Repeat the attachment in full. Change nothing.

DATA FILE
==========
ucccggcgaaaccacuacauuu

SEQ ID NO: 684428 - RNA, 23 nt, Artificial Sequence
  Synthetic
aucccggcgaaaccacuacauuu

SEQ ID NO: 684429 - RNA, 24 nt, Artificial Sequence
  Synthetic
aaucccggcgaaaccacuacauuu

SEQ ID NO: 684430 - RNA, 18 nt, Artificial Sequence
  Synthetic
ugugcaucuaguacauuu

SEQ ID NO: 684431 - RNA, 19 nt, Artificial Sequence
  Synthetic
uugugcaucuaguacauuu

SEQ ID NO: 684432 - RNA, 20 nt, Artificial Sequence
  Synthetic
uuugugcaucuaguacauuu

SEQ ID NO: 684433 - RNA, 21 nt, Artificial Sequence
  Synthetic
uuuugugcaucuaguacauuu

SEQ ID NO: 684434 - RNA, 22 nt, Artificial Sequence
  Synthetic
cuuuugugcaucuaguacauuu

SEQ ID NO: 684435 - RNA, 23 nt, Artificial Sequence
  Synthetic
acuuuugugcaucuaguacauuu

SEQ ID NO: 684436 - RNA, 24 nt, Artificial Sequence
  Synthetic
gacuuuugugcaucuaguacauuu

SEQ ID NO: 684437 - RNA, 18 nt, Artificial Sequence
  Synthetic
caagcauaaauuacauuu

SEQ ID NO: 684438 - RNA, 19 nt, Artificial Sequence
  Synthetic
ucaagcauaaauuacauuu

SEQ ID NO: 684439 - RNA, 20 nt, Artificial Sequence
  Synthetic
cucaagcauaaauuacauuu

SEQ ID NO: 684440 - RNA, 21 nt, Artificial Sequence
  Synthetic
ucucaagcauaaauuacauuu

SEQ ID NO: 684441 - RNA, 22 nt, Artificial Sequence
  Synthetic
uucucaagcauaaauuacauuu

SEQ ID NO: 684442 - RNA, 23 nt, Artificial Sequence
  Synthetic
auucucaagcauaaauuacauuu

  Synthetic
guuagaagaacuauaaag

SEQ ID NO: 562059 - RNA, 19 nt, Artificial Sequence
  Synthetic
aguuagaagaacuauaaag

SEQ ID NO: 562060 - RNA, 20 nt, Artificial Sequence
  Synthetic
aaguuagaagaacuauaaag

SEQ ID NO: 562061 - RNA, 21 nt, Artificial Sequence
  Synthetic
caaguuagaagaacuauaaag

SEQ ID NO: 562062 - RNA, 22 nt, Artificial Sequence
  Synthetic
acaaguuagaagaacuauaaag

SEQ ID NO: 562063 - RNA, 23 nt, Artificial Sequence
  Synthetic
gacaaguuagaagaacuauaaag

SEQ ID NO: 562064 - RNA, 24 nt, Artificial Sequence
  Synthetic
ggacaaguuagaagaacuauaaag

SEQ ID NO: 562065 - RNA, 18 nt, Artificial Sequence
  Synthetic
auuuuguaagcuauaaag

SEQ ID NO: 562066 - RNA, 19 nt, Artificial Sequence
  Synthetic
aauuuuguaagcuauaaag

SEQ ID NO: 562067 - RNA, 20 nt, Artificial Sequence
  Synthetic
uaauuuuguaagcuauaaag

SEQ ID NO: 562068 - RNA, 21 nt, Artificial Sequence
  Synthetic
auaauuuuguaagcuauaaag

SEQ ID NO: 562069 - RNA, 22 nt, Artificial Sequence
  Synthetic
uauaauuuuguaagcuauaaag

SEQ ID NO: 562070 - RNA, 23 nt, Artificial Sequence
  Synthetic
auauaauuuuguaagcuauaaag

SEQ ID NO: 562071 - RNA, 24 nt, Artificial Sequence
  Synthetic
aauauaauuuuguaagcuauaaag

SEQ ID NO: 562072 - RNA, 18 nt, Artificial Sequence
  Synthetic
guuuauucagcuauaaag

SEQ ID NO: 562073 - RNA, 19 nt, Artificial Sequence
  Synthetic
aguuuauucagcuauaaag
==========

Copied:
ucccggcgaaaccacuacauuu

SEQ ID NO: 684428 - RNA, 23 nt, Artificial Sequence
  Synthetic
aucccggcgaaaccacuacauuu

SEQ ID NO: 684429 - RNA, 24 nt, Artificial Sequence
  Synthetic
aaucccggcgaaaccacuacauuu

SEQ ID NO: 684430 - RNA, 18 nt, Artificial Sequence
  Synthetic
ugugcaucuaguacauuu

SEQ ID NO: 684431 - RNA, 19 nt, Artificial Sequence
  Synthetic
uugugcaucuaguacauuu

SEQ ID NO: 684432 - RNA, 20 nt, Artificial Sequence
  Synthetic
uuugugcaucuaguacauuu

SEQ ID NO: 684433 - RNA, 21 nt, Artificial Sequence
  Synthetic
uuuugugcaucuaguacauuu

SEQ ID NO: 684434 - RNA, 22 nt, Artificial Sequence
  Synthetic
cuuuugugcaucuaguacauuu

SEQ ID NO: 684435 - RNA, 23 nt, Artificial Sequence
  Synthetic
acuuuugugcaucuaguacauuu

SEQ ID NO: 684436 - RNA, 24 nt, Artificial Sequence
  Synthetic
gacuuuugugcaucuaguacauuu

SEQ ID NO: 684437 - RNA, 18 nt, Artificial Sequence
  Synthetic
caagcauaaauuacauuu

SEQ ID NO: 684438 - RNA, 19 nt, Artificial Sequence
  Synthetic
ucaagcauaaauuacauuu

SEQ ID NO: 684439 - RNA, 20 nt, Artificial Sequence
  Synthetic
cucaagcauaaauuacauuu

SEQ ID NO: 684440 - RNA, 21 nt, Artificial Sequence
  Synthetic
ucucaagcauaaauuacauuu

SEQ ID NO: 684441 - RNA, 22 nt, Artificial Sequence
  Synthetic
uucucaagcauaaauuacauuu

SEQ ID NO: 684442 - RNA, 23 nt, Artificial Sequence
  Synthetic
auucucaagcauaaauuacauuu

  Synthetic
guuagaagaacuauaaag

SEQ ID NO: 562059 - RNA, 19 nt, Artificial Sequence
  Synthetic
aguuagaagaacuauaaag

SEQ ID NO: 562060 - RNA, 20 nt, Artificial Sequence
  Synthetic
aaguuagaagaacuauaaag

SEQ ID NO: 562061 - RNA, 21 nt, Artificial Sequence
  Synthetic
caaguuagaagaacuauaaag

SEQ ID NO: 562062 - RNA, 22 nt, Artificial Sequence
  Synthetic
acaaguuagaagaacuauaaag

SEQ ID NO: 562063 - RNA, 23 nt, Artificial Sequence
  Synthetic
gacaaguuagaagaacuauaaag

SEQ ID NO: 562064 - RNA, 24 nt, Artificial Sequence
  Synthetic
ggacaaguuagaagaacuauaaag

SEQ ID NO: 562065 - RNA, 18 nt, Artificial Sequence
  Synthetic
auuuuguaagcuauaaag

SEQ ID NO: 562066 - RNA, 19 nt, Artificial Sequence
  Synthetic
aauuuuguaagcuauaaag

SEQ ID NO: 562067 - RNA, 20 nt, Artificial Sequence
  Synthetic
uaauuuuguaagcuauaaag

SEQ ID NO: 562068 - RNA, 21 nt, Artificial Sequence
  Synthetic
auaauuuuguaagcuauaaag

SEQ ID NO: 562069 - RNA, 22 nt, Artificial Sequence
  Synthetic
uauaauuuuguaagcuauaaag

SEQ ID NO: 562070 - RNA, 23 nt, Artificial Sequence
  Synthetic
auauaauuuuguaagcuauaaag

SEQ ID NO: 562071 - RNA, 24 nt, Artificial Sequence
  Synthetic
aauauaauuuuguaagcuauaaag

SEQ ID NO: 562072 - RNA, 18 nt, Artificial Sequence
  Synthetic
guuuauucagcuauaaag

SEQ ID NO: 562073 - RNA, 19 nt, Artificial Sequence
  Synthetic
aguuuauucagcuauaaag